Reporting of absence and the production of medical certificates

Updated on 5 February 2021

When you should report an absence and when you need to provide a medical certificate.

On this page

Under the Department of Social Security's procedures in respect of certification of sickness for national insurance purposes, doctors are not obliged to issue Statements covering the first week of sickness from work.

The University's requirement is that any employee who is prevented by illness from attending work is obliged to contact their Head of Department (by telephone or by message) as early as possible on the first day of absence (normally within one hour of notional starting time) to explain the reason for their absence and to give an estimate of its probable duration.

An employee who is absent for more than three days must obtain and send a certificate (see definition below) to the University Payroll Office in the Finance Department to cover the period of absence.

For a period of absence which lasts for 4, 5, 6 or 7 days (counting Saturday and Sunday) the certificate required is not one completed by the employee's doctor but the DSS Sickness Benefit Claim Form (SC2) i.e. 'self certificate' completed by the employee themselves to show the reason for absence. It is the employee's responsibility to obtain, complete and submit it. The forms are available from doctors' surgeries, from hospital out-patient departments and from DSS offices.

For a period of absence which lasts for more than seven days (counting Saturday and Sunday) an employee will be required to submit a certificate (Med 3) from their doctor in addition to the DSS Sickness Benefit Claim Form which covers only the first seven days of illness.

An employee who is in receipt of a Med 3 certificate on more than one occasion consecutively, is obliged to contact their Head of Department or School (by telephone or by message) as early as possible before the day they are due to return to work if this is not as otherwise expected by the Head of Department/School.

While for absence lasting not more than 7 days the 'self certificate' DSS Sickness Benefit Claim Form will normally be sufficient certification, the University reserves the right, for example in cases of frequent short absence on grounds of sickness, to require an employee to submit a 'private' medical certificate(s) from the General Practitioner (usually at a cost to the employee) or to undergo a medical examination arranged by the University.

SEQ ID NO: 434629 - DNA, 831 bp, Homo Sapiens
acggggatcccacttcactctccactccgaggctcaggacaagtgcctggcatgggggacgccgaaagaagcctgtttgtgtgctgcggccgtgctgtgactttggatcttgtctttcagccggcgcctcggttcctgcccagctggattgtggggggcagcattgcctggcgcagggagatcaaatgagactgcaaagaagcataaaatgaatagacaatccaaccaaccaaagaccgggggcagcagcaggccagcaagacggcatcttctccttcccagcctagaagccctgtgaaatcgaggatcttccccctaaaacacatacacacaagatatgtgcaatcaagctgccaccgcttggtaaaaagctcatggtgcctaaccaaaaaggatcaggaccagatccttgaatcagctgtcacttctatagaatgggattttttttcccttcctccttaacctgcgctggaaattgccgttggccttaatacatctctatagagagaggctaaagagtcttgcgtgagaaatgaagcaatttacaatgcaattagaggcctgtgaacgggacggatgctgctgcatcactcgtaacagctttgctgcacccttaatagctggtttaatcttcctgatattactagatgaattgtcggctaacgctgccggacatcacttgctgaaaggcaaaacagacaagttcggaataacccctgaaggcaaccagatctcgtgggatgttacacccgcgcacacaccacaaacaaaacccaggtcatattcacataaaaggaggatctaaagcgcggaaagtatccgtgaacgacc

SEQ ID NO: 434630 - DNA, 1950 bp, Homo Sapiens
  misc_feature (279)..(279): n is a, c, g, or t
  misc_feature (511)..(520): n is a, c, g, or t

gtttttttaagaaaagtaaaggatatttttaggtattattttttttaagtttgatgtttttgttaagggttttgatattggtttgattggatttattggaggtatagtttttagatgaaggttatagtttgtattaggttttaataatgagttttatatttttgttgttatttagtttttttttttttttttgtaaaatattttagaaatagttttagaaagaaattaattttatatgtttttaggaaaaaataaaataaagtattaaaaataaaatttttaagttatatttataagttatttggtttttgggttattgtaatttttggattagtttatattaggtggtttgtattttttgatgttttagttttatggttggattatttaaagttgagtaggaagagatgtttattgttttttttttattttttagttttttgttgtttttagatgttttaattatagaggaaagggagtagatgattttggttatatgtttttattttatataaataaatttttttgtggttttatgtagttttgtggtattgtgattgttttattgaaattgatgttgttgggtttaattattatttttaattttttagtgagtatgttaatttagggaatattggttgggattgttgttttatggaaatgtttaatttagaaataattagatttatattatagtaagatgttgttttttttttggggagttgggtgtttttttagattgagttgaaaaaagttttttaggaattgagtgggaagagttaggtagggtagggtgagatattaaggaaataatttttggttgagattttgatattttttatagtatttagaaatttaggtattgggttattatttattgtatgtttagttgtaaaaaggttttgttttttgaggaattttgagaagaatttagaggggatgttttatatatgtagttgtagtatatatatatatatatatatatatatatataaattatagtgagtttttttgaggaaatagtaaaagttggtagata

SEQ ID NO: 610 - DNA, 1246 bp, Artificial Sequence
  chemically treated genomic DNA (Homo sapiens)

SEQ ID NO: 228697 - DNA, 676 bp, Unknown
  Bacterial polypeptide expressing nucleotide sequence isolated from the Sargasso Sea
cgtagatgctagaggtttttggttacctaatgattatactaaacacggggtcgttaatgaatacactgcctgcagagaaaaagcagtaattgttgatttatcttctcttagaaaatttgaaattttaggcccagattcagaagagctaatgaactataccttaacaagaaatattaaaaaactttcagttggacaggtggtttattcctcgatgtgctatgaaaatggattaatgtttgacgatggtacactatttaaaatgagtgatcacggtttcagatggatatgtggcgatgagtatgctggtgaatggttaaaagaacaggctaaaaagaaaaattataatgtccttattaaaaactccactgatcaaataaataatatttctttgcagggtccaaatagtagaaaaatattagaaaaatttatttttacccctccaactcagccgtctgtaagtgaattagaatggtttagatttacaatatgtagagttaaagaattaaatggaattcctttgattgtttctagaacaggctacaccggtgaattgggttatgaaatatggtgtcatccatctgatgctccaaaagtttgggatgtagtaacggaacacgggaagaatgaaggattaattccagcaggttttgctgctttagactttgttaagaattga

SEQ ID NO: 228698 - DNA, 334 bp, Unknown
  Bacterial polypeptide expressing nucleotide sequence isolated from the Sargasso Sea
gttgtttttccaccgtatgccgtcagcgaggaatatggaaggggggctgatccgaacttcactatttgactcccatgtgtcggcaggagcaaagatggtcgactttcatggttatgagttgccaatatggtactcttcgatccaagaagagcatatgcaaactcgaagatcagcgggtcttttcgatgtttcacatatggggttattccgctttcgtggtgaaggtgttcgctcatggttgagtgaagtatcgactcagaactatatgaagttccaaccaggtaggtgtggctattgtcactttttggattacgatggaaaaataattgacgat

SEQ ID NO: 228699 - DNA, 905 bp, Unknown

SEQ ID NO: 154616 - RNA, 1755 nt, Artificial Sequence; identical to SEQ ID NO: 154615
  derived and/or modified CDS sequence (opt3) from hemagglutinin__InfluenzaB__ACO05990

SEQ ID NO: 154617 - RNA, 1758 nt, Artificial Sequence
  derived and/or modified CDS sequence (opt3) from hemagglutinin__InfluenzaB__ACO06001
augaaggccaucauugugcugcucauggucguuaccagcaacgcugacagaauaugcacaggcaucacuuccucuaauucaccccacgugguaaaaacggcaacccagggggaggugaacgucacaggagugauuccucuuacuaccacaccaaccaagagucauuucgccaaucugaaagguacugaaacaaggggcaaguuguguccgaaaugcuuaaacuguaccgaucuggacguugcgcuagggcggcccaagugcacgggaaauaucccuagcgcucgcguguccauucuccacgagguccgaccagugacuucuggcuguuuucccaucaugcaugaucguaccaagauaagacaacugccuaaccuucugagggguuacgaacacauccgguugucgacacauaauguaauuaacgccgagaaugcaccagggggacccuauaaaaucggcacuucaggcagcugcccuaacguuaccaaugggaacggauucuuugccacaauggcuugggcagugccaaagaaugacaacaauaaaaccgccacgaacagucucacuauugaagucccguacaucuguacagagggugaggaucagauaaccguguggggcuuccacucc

In the exceptional circumstances, usually in writing, where an employee has been requested to provide a 'private' medical certificate from their General Practitioner but does not comply and only submits the DSS Sickness Benefit Claim form (SC2) this would entitle the employee to Statutory Sick Pay (SSP) only on the day(s) concerned. The Occupational Sick Pay (OSP) paid by the University to make up full pay would be withheld.

The Finance Payroll Office will arrange for Sickness Benefit Claim Forms and doctors' certificates submitted by employees to be forwarded to the DSS where appropriate and will make the necessary adjustments to pay to take account of employee's entitlements to State benefits and University sick pay.

If an employee normally works for less than five days per week the DSS Sickness Benefit Claim Form must be submitted where the period of incapacity or absence including non working days amounts to four or more days (Sundays being ignored). The form should be submitted as evidence of the cause of absence even by employees who have no entitlement to DSS Sickness Benefit. If further clarification is required please contact the University Payroll Office.

Employees are advised not to delay seeing their doctors if they need medical advice or treatment.

From People
Corporate information category Absences and related
Collection Staff absence